TALKING POINTS – YEN, US DOLLAR, CHINA, TRADE WAR, SHUTDOWN, ISM
- Risk appetite swells on China RRR cut, US jobs data, dovish Fed-speak
- Testy US-China talks may fuel trade war fears, sour market mood anew
- US government shutdown, soft services ISM data amplify risk-off threat
A quiet offering on the economic data docket is likely to put sentiment trends in focus for foreign exchange markets in European trading hours. The mood is relatively upbeat at the start of the week, echoing Friday’s rosy session. Investors cheered as China cut its banks’ reserve requirement ratio (RRR), December’s US jobs data dwarfed forecasts and comments from Fed Chair Jerome Powell took a decidedly dovish turn.
Bellwether S&P 500 futures are pointing decidedly higher, hinting at more of the same ahead. That seems to be most obviously negative for the perennially anti-risk Japanese Yen, while the pro-cyclical Australian, Canadian and New Zealand Dollars rise alongside other so-called “risky” assets. The markets’ disposition may yet darken however as worries about the US/China trade war re-emerge.
TESTY US, CHINA TRADE TALKS MAY SOUR MARKET MOOD
A delegation from Washington DC is in Beijing, hoping to build on the ceasefire agreed by presidents Donald Trump and Xi Jinping at the G20 summit in Argentina and establish a foundation for rapprochement. That may prove elusive however considering the group’s leader – US deputy trade representative Jeffrey Gerrish – seems to share the fiery disposition of his boss, USTR Robert Lighthizer.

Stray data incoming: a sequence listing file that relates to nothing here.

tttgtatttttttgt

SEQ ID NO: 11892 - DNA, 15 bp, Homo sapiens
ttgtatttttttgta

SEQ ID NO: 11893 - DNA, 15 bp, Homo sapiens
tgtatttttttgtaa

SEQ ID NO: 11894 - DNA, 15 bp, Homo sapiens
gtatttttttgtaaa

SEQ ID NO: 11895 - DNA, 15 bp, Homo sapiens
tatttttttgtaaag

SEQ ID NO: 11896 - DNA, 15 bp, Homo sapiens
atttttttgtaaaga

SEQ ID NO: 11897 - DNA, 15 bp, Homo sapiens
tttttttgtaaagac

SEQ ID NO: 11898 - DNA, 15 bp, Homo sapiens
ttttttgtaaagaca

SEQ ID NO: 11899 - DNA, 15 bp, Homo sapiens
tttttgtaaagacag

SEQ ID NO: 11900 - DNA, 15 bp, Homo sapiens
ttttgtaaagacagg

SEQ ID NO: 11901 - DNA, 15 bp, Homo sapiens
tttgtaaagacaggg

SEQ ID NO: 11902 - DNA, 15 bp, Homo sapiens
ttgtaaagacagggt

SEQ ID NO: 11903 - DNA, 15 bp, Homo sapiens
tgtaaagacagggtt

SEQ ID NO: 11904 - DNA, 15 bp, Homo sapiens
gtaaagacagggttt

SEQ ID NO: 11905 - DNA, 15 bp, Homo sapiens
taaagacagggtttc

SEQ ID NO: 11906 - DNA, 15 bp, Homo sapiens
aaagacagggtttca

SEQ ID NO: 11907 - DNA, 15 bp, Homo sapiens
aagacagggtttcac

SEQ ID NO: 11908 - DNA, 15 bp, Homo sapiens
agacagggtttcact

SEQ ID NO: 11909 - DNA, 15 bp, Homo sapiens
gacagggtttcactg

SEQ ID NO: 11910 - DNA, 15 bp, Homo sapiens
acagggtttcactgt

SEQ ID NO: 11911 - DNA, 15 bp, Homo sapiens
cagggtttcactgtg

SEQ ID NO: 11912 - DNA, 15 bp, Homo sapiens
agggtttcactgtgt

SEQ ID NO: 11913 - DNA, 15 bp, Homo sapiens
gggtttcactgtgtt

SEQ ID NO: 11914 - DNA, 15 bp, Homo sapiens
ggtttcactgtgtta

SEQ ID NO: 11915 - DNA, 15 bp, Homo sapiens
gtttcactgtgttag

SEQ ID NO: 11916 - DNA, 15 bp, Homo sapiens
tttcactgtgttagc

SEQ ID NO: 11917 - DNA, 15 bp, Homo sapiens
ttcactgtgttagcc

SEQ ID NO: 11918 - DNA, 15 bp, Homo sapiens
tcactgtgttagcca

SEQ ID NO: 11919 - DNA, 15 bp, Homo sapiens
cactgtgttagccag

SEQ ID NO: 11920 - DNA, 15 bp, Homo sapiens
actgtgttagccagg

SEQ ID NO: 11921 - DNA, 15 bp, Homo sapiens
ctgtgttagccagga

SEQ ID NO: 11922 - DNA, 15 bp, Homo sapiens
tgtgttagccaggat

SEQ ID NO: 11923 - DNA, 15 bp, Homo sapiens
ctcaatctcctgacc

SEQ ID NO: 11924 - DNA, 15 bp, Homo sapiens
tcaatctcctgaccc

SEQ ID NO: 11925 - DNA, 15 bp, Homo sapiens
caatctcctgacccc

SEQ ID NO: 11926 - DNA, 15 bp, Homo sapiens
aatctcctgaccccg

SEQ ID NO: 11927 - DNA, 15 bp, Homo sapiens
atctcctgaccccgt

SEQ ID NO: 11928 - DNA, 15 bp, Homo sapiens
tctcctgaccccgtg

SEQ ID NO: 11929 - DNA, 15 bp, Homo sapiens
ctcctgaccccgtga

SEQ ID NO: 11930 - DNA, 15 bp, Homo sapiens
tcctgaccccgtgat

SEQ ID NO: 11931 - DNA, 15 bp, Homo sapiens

That seems to set the stage for a tense gathering over the course of Monday and Tuesday. If incoming soundbites from its sidelines appear to confirm as much, worries about a prolonged conflict’s negative implications for global growth may sour sentiment anew. An added fiscal headwind courtesy of a still ongoing US government shutdown surely doesn’t help as well.
SOFT SERVICES ISM SURVEY MAY TARNISH UPBEAT JOBS DATA
Finally, there is US economic data to contend with. December’s service-sector ISM survey is on tap, with expectations pointing to a slowdown in the pace of activity growth. A disappointment echoing the abysmal manufacturing ISM component published last week might remind traders that jobs data is often a lagging indicator, warning that the current state of the business cycle is in fact more worrying.
US DOLLAR MAY RISE IF RISK APPETITE EVAPORATES
If a risk-off turn does materialize, the Yen is likely to return to the offensive while commodity bloc currencies bear the brunt of selling pressure. The US Dollar may also rise as its liquidity haven appeal returns to the forefront. Indeed, this seems to be why the Greenback has proven to be remarkably resilient despite fading Fed rate hike bets in recent months.
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